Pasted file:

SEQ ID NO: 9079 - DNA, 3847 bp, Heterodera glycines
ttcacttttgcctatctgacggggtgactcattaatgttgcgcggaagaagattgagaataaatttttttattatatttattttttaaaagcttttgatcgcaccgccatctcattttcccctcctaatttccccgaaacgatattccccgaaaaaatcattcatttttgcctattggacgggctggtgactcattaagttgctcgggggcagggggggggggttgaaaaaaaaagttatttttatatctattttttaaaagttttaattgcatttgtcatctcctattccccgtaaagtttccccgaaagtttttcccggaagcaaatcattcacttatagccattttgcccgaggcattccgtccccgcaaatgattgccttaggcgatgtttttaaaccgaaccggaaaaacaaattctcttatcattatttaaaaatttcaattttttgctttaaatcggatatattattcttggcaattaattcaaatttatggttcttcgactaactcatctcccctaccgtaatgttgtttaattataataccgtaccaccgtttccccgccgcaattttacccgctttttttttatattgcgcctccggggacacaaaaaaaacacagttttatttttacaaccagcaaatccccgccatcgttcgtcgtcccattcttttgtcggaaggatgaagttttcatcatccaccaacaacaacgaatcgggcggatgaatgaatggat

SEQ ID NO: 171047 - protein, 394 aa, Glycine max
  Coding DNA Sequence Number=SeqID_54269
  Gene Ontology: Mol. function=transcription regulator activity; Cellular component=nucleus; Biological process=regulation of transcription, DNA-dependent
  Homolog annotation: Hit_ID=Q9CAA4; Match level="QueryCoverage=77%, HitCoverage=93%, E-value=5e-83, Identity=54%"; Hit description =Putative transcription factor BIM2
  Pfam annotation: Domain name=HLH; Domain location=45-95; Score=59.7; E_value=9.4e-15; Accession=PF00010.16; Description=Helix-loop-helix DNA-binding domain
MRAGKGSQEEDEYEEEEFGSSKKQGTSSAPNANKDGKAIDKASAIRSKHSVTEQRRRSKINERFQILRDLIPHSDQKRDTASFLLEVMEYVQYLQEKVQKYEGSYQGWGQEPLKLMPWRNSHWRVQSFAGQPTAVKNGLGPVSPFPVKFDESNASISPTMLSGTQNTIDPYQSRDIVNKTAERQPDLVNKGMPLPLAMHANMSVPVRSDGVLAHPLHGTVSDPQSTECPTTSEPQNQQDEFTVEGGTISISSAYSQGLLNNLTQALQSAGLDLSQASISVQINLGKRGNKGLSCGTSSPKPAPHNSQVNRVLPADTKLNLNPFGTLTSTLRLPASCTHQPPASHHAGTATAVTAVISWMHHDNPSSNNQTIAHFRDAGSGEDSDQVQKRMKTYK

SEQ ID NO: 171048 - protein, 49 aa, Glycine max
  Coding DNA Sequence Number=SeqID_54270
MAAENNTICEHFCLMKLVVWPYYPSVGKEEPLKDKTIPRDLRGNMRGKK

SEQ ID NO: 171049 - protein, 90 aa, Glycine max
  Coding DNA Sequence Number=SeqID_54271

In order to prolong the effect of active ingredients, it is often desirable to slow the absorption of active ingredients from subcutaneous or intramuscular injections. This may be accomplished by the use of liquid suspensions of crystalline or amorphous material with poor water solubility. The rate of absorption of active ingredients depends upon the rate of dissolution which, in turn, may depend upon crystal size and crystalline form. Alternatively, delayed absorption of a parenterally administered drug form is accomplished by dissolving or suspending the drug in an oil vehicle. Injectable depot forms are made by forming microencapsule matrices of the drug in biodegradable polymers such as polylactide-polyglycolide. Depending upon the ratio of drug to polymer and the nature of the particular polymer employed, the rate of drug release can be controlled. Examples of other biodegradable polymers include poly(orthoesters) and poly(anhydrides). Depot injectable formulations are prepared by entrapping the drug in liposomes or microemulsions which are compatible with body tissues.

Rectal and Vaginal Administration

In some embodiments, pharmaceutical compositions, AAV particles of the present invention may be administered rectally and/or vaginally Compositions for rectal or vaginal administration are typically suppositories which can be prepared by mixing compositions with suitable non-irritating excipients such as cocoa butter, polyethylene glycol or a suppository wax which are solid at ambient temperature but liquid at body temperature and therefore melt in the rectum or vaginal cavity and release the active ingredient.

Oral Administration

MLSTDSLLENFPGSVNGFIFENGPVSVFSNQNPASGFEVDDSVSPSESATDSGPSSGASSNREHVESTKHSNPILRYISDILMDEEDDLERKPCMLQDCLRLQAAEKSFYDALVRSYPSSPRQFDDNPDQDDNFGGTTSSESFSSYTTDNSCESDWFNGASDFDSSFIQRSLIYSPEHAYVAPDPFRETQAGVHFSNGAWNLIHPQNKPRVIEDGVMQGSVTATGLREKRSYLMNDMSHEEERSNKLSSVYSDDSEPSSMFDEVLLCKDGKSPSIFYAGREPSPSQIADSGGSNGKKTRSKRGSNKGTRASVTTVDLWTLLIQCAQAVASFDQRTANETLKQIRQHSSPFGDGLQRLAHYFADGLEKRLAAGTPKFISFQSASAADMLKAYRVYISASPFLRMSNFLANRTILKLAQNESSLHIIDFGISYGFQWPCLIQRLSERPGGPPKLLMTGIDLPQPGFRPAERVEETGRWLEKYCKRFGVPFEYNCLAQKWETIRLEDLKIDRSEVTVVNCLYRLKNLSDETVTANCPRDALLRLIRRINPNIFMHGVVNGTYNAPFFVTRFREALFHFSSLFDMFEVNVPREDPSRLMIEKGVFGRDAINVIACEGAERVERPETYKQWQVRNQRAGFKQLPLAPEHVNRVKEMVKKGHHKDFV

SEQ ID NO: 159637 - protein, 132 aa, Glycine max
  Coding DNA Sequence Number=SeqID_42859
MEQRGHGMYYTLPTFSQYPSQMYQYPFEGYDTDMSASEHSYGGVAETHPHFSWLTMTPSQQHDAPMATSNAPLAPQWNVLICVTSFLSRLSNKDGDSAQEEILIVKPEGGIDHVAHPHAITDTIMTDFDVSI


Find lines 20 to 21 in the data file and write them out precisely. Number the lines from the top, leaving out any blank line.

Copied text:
  Coding DNA Sequence Number=SeqID_42859
MEQRGHGMYYTLPTFSQYPSQMYQYPFEGYDTDMSASEHSYGGVAETHPHFSWLTMTPSQQHDAPMATSNAPLAPQWNVLICVTSFLSRLSNKDGDSAQEEILIVKPEGGIDHVAHPHAITDTIMTDFDVSI